Early Childhood STEM Enrichment Program: Week 2

Week 2: Building Flat Bottom Boats

Objective: Students will work in partners to design and build a flat bottom or pontoon boat from the provided materials, that floats and can hold weight.

This week the students would have to work collaboratively in partners or in one case a group of 3 in order to design and build their boats. We began the lesson with a PowerPoint presentation that discussed the following information:
  • What are some different types of boats?
  • Identifying specific features that relate to different boat designs (shapes, etc....)
  • Samples of different boat designs and how the bottoms of the boats look.
  • Different materials used to build a boat and why?
  • Discussion of different types of cargo carried on different types of boats.
  • Good VS Bad boat design depending on the cargo..
  • Directions and materials for the activity (similar to the page below for the portfolio).
(The last few slides were saved until after the completion of the activity)










We all agreed that since our test was going to check for floating and being able to carry weight, that a flat bottom or pontoon boat would be the best design.














Here was the pre-activity sheet that the students did, as well as their individual activity sheets with self assessment answers.




Working in partners the students viewed the materials and began drawing preliminary designs of what their flat bottom boat would look like, including labelings of where certain materials would be used.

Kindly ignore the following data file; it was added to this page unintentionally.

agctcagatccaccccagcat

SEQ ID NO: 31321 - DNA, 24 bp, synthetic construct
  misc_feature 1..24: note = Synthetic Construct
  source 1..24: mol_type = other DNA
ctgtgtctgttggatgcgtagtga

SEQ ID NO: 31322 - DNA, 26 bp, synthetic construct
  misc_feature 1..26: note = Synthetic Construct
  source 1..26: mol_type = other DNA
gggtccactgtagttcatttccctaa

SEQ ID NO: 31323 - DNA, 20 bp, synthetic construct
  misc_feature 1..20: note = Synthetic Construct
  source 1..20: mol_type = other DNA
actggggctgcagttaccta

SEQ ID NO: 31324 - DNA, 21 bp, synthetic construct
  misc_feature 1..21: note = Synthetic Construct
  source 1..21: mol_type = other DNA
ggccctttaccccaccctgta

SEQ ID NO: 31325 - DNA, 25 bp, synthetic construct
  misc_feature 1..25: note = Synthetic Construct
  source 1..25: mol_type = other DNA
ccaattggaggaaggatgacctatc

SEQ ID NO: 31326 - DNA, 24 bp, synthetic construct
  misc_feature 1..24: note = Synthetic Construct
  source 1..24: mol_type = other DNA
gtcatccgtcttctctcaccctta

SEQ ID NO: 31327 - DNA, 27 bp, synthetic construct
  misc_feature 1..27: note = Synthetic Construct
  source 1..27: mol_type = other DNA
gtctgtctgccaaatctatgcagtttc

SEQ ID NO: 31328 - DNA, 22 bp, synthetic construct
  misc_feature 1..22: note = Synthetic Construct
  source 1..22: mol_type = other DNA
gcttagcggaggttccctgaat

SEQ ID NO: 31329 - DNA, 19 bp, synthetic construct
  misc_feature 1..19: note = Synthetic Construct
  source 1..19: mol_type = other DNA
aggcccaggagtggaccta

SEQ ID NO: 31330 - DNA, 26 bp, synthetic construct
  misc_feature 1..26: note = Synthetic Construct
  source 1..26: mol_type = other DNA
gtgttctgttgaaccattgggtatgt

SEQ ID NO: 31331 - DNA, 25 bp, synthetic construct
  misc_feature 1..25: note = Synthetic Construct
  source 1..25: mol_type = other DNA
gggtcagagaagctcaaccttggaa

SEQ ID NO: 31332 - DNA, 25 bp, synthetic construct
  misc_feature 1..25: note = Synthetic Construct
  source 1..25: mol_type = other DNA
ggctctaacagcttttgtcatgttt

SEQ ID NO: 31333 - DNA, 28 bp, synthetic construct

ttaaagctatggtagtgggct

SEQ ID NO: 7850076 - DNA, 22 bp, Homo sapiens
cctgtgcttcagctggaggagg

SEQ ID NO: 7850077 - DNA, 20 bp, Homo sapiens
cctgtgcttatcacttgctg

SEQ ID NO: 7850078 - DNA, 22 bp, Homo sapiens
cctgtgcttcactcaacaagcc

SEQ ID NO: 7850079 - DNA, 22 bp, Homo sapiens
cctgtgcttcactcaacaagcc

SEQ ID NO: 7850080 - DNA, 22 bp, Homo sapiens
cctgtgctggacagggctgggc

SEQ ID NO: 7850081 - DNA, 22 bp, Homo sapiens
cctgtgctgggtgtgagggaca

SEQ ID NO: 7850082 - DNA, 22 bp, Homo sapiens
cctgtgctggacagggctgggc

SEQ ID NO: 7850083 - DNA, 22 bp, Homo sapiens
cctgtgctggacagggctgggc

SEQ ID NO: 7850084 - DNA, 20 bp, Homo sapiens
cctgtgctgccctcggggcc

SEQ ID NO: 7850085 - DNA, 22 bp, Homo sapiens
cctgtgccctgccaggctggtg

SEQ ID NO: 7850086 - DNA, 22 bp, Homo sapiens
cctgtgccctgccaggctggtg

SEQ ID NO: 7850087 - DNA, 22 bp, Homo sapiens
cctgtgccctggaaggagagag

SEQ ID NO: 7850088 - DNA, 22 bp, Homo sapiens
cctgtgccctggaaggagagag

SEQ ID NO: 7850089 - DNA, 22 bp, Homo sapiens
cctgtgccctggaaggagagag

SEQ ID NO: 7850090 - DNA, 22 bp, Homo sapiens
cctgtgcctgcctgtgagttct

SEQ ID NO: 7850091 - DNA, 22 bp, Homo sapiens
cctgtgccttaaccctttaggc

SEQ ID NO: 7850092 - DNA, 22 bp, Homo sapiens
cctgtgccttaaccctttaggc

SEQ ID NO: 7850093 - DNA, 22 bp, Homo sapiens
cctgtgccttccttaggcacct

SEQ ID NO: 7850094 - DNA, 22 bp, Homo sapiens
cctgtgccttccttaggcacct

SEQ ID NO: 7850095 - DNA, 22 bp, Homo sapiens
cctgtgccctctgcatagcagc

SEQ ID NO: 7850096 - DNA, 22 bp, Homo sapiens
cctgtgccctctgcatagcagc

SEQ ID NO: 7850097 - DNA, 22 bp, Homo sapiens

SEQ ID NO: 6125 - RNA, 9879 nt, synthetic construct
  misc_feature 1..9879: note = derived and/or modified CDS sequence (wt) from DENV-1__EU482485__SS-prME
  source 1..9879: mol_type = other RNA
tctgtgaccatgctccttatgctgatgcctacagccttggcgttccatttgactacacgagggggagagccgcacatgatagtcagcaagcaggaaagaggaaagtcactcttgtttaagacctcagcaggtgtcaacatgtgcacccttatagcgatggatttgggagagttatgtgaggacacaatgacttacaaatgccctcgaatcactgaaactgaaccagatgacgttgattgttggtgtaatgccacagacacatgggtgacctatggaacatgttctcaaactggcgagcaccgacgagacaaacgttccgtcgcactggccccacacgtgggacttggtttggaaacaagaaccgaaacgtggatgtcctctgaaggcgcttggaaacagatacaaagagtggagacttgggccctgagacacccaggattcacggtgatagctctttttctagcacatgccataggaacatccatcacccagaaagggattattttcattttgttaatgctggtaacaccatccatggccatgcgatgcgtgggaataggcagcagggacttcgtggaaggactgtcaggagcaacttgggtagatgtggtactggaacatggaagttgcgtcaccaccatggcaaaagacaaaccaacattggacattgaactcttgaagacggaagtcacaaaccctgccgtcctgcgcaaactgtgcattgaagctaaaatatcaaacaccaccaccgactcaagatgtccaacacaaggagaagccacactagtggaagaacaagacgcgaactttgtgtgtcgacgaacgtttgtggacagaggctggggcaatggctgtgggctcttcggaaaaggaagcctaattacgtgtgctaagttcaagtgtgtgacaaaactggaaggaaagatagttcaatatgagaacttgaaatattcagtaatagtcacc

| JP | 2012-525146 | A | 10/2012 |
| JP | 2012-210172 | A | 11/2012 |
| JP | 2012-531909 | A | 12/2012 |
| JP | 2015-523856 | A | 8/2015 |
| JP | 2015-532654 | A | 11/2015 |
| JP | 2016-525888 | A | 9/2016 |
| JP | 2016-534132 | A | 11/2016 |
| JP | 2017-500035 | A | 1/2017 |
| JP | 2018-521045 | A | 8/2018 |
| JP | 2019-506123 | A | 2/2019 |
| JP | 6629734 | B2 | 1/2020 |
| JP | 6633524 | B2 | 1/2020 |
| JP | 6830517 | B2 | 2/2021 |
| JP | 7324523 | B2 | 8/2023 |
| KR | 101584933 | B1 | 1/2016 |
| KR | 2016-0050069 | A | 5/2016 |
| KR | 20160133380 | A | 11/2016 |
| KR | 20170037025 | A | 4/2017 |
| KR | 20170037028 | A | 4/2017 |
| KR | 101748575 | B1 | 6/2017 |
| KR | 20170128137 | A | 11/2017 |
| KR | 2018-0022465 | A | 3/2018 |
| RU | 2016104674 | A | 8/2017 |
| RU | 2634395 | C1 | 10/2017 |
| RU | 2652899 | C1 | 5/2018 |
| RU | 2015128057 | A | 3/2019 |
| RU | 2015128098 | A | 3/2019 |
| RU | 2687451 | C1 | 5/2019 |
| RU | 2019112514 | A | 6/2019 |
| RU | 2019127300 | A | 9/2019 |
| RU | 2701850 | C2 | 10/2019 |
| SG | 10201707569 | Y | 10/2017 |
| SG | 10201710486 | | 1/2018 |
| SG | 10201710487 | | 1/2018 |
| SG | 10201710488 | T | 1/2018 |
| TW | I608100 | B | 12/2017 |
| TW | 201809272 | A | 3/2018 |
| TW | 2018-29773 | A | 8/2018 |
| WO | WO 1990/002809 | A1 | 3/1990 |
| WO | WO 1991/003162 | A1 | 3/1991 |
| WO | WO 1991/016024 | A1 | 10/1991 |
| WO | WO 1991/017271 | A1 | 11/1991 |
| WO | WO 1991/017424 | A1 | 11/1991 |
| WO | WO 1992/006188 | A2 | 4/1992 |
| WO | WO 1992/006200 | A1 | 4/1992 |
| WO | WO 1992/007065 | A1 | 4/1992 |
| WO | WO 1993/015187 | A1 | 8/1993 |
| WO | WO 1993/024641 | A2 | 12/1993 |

Then the students set to work using the provided materials to build their boats. 













Once they had their first design built, I provided them with a tub of water to check for buoyancy and for leaks. If it was able to float then they were not required to do a second design, just that they had to explain why a second design was not needed.


Once all the boats had their initial test for floating, then they brought their boats to the front of the room where we would do whole class testing for weight. Simply put, I placed each boat one at a time in water, then added weight (pennies specifically) as the cargo. If the boats took on water or began to sink after having weight placed into it, then the test would stop. We deemed that the boat was still a success if it could float and hold weight, even if it did eventually start to leak, but we did discuss that that particular design might be better for lighter cargo.





Out of the 4 boats that were constructed here are the results of our testing:

Boat 1: Flat bottom with no sides sank immediately with any weight.

Boat 2: Flat bottom with folded sides sank after 57 pennies owing to being taped together in the middle.

Boat 3: Round shape with a roof sank very quickly after 40 pennies.

Boat 4: The strongest design by far, it was a box design with straws taped to the bottom and held the maximum of 124 pennies (all I had at the time).

Below are the feedback samples that the students









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